If God loves us, there should be no suffering and afflictions. This may sound right, but I’m afraid that this is also a wrong conclusion to bad and incorrect theology.
It is so commonplace to find atheists coming up with this argument against the existence of God – that if he exists, and if he is indeed a God of love and goodness, then the very existence of turmoil and suffering and anxiety in life proves that God does not exist. This is the same trite argument over and over again in the vitriol that goes on in comments made by angry atheists on the Internet whenever someone makes a reference to God’s love or providence in life.
I guess to be fair, it is a logical conclusion to arrive at if one’s notion of God is one whose raison d’etre is diametrically opposed to sin, suffering, pain and fear. God’s very omnipotence then should also render him being capable of obliterating all traces of things that he detests. For these pundits, omnipotence equals Omni control. I do understand this kind of logic, but it is a flawed logic.
Why is this flawed? Because it fails to appreciate that omnipotence is God’s Omni potential to love as well, and the greatest display of love is when one is given full freedom to accept or reject this love. Our given freedom by God our Father has a corollary – the freedom of the beloved to return the love given by the lover in total and true freedom – without any coercion, force, compulsion or manipulation. It is when we are unable or refuse to return the love given to us that turns us inwardly unto ourselves and hence to sin.
Someone asked me recently that she understood my theodicy but has problems when she herself encounters situations of pain, anxieties and tensions even when in a state of grace, making us feel unhappy. Does not God want our happiness? Why then are we not happy all the time? Why is this so?
Again, this is a ‘wrong’ question, but a good one to ask. It was Fr Ronald Rolheiser who once said that asking ourselves if we are happy is akin to torturing ourselves. Asking this question doesn’t bring much solace to our aching souls simply because none of us lives perfectly fulfilled lives. All of our lives are quite simply “unfinished symphonies” as Karl Rahner once famously said. There are always areas in our lives that are mourning, where we are hungering for something that cannot be satiated. Fr Rolheiser astutely challenges us to not ask if our lives are happy, but to ask ourselves if our lives have meaning.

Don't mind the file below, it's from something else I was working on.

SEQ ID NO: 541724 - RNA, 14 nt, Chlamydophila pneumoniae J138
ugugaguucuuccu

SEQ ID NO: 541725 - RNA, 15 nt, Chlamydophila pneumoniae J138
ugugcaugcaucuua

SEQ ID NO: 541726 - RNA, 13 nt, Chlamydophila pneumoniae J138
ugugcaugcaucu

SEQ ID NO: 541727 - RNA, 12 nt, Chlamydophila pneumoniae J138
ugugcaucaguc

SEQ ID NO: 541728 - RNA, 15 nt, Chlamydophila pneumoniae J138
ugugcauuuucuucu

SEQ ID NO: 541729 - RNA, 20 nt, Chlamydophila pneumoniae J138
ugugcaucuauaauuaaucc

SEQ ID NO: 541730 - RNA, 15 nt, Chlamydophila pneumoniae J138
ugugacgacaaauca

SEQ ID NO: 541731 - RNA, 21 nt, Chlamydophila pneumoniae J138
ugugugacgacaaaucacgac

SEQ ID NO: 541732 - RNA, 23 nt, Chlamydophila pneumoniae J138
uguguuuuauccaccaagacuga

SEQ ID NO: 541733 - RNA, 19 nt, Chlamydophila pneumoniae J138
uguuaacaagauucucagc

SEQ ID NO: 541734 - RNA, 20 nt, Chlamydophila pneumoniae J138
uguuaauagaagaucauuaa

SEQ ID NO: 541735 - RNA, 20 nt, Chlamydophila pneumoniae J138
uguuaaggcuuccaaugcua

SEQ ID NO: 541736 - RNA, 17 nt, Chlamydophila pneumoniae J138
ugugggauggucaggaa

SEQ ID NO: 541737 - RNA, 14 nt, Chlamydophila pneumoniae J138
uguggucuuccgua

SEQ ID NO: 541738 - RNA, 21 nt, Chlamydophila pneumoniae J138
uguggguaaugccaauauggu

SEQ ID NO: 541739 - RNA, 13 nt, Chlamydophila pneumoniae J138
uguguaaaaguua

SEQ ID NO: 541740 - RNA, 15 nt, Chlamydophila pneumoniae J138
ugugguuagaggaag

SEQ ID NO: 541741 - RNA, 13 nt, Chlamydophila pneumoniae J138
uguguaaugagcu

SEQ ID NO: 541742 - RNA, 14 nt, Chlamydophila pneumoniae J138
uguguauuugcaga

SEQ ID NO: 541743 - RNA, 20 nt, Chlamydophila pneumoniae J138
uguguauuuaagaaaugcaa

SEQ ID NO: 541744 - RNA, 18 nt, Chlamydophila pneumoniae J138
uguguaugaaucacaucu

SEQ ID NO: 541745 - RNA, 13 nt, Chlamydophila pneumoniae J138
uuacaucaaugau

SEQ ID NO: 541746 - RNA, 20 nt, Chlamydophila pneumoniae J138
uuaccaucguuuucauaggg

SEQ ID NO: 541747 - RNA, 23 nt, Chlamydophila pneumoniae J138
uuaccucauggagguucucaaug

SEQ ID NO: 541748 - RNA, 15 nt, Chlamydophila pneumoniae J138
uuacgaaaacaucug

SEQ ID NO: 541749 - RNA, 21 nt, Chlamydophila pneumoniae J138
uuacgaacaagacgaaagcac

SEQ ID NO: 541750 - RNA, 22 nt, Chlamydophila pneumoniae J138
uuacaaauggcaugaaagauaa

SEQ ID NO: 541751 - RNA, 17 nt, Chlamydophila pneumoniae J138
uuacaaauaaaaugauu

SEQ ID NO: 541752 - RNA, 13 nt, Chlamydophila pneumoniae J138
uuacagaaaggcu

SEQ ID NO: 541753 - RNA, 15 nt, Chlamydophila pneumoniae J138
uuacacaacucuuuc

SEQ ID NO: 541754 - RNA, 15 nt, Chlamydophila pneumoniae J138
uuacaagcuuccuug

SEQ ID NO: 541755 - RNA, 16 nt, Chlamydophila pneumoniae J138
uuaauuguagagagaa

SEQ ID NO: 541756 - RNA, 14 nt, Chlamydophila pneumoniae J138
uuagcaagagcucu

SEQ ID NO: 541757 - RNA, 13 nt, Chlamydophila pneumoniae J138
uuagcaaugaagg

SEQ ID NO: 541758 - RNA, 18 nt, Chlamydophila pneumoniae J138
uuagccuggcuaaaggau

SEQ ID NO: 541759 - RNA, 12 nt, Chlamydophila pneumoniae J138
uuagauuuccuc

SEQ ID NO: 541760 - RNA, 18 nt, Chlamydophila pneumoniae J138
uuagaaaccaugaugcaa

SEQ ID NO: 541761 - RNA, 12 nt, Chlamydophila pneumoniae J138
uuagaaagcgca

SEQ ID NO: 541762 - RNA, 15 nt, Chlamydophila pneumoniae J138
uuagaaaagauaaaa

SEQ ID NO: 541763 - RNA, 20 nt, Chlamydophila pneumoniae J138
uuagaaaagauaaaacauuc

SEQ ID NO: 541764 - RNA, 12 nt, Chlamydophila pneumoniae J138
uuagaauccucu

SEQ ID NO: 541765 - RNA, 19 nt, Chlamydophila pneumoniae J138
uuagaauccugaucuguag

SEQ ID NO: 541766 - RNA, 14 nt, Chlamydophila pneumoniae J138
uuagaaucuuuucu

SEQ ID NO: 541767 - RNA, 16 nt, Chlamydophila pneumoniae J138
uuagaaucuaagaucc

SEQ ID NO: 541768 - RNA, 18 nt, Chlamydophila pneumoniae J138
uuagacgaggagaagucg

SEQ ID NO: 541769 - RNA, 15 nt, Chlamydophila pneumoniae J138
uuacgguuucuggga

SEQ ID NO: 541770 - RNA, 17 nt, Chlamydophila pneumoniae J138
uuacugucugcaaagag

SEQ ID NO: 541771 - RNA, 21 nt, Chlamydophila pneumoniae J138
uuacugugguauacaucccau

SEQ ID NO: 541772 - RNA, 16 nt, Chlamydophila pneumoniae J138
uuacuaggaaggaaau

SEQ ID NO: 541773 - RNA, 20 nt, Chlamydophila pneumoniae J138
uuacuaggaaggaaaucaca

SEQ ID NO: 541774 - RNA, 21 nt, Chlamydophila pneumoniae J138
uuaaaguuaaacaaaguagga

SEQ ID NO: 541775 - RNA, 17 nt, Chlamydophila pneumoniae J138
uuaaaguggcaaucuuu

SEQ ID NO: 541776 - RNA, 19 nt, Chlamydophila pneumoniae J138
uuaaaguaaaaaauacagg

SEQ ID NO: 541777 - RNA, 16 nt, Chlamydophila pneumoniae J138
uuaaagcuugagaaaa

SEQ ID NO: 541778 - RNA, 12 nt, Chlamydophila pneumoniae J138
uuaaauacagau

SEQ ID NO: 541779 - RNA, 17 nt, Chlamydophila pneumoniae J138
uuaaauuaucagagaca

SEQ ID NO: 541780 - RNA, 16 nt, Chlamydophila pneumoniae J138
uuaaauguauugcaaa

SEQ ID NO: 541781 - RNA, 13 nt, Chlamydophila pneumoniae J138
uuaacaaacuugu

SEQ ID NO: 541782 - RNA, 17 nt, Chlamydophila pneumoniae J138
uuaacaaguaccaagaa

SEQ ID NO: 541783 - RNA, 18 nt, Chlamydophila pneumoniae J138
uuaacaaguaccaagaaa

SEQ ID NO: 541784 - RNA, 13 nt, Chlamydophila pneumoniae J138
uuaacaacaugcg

This is a deep question simply because “meaning” requires us to go deep into our very hearts, while “happy” is superficial, doesn’t have as much depth nor asks of us to enter into the silent chambers of our hearts and interior life which usually goes unexamined.
I imagine myself to the scene of Jesus’ crucifixion, climbing up next to him and ask him if he was happy being nailed there on the Cross, slowly suffocating and bleeding profusely from his wounds. I am quite certain that the answer would be no. There is no happiness in undergoing such immense shame, ignominy and agony. But Jesus would say that what he is undergoing is extremely meaningful. It teaches the world just how expansive and inclusive God’s love is for all of humanity, loving even those who were responsible for this heinous murder of God. There is meaning in showing the value in longsuffering and sacrifice and non-violence. These don’t necessarily provide for happiness in the way that the world knows happiness. But because they are signposts and sacraments of how deep God’s love and mercy are, they are indeed meaningful.
Happiness can be superficial and fleeting, and indeed it often is. This is partly because happiness has much to do with feelings, which are strong and passionate on Monday but cold and limp on Tuesday.
But what provides for meaning and purpose prevails.